Every time I plant flowers in my yard, I am confronted with the fact that the soil in my neighborhood is less than ideal. It’s too poor, too full of clay, to sustain the garden I have in mind.
So before I do any planting, I drag over a huge bag of garden soil, slash it open, and mix it with the native dirt. The bagged soil is like good, rich chocolate, dark and fragrant. It would be quicker to put the plants right into the ground, but my flowers won’t thrive without first amending the soil. I know better than to skip that necessary step. I think of today's Gospel and all of Jesus' commentary on rich soil and take heed.
And yet in my own spiritual life, I sometimes struggle to do the steps that will make me more fully alive. I go to weekly Mass, but I’m less consistent with habits of daily prayer, even though I know that it is necessary to enrich the soil of my soul.
It’s not because I don’t care.
Increasingly, it’s because the prayer routines I have always done no longer work at this point in my life. For years I did a morning Bible reading over coffee, but for whatever reason, that is less effective than it used to be; I’m too distracted to let the words sink in.
These days, I find that the most helpful prayer habit is just sitting in silence, looking at the sky or the garden or a candle flame, simply feeling the presence of God. I am trying to be better about doing it more often. And those silent moments nurture me and strengthen me. Like the good soil in the Gospel, they make me more receptive to God’s word and God’s presence throughout the rest of my day.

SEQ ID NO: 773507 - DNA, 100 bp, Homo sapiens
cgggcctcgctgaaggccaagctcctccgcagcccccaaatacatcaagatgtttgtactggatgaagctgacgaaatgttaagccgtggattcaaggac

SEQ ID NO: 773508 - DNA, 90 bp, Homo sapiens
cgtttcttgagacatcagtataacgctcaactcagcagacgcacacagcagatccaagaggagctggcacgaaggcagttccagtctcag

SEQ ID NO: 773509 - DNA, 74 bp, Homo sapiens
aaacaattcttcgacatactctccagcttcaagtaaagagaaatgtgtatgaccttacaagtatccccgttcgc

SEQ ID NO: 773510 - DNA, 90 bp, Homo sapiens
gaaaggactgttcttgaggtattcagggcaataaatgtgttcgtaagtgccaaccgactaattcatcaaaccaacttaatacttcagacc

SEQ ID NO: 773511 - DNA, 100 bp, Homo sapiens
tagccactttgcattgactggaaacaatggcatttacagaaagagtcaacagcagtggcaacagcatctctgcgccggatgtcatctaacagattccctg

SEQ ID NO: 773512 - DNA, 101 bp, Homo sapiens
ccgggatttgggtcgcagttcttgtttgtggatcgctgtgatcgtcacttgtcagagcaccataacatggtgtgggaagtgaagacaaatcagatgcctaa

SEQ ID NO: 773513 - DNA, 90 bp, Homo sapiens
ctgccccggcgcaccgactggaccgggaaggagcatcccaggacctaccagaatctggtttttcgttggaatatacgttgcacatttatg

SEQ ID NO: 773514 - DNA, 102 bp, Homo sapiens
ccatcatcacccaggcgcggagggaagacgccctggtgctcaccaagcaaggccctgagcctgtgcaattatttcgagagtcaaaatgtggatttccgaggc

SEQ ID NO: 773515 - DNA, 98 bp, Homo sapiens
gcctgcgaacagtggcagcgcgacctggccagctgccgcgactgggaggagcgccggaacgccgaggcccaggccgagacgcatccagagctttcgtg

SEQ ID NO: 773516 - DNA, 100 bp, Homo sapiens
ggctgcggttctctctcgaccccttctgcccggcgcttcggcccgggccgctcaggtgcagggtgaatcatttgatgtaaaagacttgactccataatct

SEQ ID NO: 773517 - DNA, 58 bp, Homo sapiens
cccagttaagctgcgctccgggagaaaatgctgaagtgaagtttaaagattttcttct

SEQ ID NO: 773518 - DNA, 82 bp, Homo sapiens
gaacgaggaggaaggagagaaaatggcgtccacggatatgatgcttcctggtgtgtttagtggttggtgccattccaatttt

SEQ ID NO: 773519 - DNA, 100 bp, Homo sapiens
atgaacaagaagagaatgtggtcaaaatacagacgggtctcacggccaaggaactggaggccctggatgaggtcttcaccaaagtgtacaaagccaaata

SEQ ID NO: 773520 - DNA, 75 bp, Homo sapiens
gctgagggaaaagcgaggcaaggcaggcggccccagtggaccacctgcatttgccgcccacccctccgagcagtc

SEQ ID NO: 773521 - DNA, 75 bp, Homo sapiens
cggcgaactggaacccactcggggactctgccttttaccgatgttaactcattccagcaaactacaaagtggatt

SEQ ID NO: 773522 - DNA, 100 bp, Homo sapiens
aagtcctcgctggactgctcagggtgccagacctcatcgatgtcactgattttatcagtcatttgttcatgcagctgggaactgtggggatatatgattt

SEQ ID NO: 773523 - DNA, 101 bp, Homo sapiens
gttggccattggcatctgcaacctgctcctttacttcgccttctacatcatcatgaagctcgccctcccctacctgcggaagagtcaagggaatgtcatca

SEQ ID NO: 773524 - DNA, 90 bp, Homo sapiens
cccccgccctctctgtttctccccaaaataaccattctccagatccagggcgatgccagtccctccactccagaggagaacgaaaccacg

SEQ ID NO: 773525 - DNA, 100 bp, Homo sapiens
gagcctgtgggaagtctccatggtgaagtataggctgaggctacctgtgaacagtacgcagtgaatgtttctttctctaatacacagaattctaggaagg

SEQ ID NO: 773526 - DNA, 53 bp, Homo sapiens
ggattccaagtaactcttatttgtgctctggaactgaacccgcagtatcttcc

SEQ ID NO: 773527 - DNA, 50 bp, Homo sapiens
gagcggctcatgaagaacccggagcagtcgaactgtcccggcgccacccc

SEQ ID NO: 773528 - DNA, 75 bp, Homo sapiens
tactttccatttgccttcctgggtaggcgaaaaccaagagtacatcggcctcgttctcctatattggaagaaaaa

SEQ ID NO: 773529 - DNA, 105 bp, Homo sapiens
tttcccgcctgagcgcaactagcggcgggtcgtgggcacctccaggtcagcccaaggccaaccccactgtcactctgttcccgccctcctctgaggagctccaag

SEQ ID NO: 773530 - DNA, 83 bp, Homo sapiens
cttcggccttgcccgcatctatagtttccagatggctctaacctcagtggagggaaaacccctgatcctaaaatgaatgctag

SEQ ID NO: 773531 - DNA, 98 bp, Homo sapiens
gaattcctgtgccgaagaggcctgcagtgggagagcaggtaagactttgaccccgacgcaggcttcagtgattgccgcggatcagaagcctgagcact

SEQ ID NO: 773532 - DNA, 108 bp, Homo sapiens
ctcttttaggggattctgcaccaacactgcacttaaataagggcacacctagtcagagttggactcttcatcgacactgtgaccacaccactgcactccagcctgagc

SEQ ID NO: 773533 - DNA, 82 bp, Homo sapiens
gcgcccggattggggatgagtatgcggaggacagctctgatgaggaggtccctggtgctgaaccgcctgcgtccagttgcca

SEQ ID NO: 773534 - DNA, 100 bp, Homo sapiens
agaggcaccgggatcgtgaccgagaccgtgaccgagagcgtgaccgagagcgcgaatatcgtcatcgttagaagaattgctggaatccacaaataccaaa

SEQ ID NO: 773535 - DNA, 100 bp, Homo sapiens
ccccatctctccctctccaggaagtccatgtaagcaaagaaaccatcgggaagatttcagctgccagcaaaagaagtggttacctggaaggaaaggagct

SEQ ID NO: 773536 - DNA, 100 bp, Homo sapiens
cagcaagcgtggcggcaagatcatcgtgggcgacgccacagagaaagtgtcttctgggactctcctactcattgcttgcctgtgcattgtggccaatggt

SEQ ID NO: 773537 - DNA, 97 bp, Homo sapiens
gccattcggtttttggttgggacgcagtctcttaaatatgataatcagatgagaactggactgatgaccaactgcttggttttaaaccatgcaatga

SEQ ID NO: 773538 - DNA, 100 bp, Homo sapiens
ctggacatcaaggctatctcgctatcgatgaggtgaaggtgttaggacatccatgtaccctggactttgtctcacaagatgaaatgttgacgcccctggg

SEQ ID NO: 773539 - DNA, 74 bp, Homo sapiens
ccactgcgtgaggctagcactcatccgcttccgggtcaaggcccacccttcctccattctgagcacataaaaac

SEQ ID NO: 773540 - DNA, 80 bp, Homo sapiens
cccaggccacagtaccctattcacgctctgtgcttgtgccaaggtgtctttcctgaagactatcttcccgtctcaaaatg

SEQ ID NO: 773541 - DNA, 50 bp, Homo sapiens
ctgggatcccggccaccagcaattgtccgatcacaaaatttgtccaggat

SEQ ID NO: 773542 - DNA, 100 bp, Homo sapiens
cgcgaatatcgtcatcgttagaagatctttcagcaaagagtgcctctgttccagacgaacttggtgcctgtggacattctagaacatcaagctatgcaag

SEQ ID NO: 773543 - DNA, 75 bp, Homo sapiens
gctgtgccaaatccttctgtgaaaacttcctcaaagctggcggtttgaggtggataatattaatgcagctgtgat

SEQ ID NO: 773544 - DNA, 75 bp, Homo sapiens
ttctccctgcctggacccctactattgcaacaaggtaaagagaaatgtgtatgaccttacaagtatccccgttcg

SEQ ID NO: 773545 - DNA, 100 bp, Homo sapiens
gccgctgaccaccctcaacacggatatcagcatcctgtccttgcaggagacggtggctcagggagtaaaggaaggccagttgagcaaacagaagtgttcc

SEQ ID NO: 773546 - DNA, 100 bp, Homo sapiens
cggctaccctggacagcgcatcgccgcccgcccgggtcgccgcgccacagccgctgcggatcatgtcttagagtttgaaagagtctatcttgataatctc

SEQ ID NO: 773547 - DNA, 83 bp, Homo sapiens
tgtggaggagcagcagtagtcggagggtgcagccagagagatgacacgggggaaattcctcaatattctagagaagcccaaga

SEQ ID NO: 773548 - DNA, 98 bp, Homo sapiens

“Pray as you can, not as you can’t,” said the English abbot John Chapman. Those are words to live by. There are countless ways to commune with God, countless ways to make ourselves receptive to the seeds of His love. And when that love flowers and blooms for others to see, we will know that it’s working.
Ground yourself in a rich sacramental life and see how those graces flow over into everything else. Attend daily Mass, regular Confession, and make a spiritual communion as often as you can!
Ginny Kubitz Moyer is a mother, high school English teacher, and BBC period drama junkie. She is the author of Random MOMents of Grace: Experiencing God in the Adventures of Motherhood and Mary and Me: Catholic Women Reflect on the Mother of God. Ginny lives in the San Francisco Bay Area with her husband, two boys, and about thirty thousand Legos. You can find out more about her here. She is the author of our Blessed Conversations: The Seven Sacraments found here.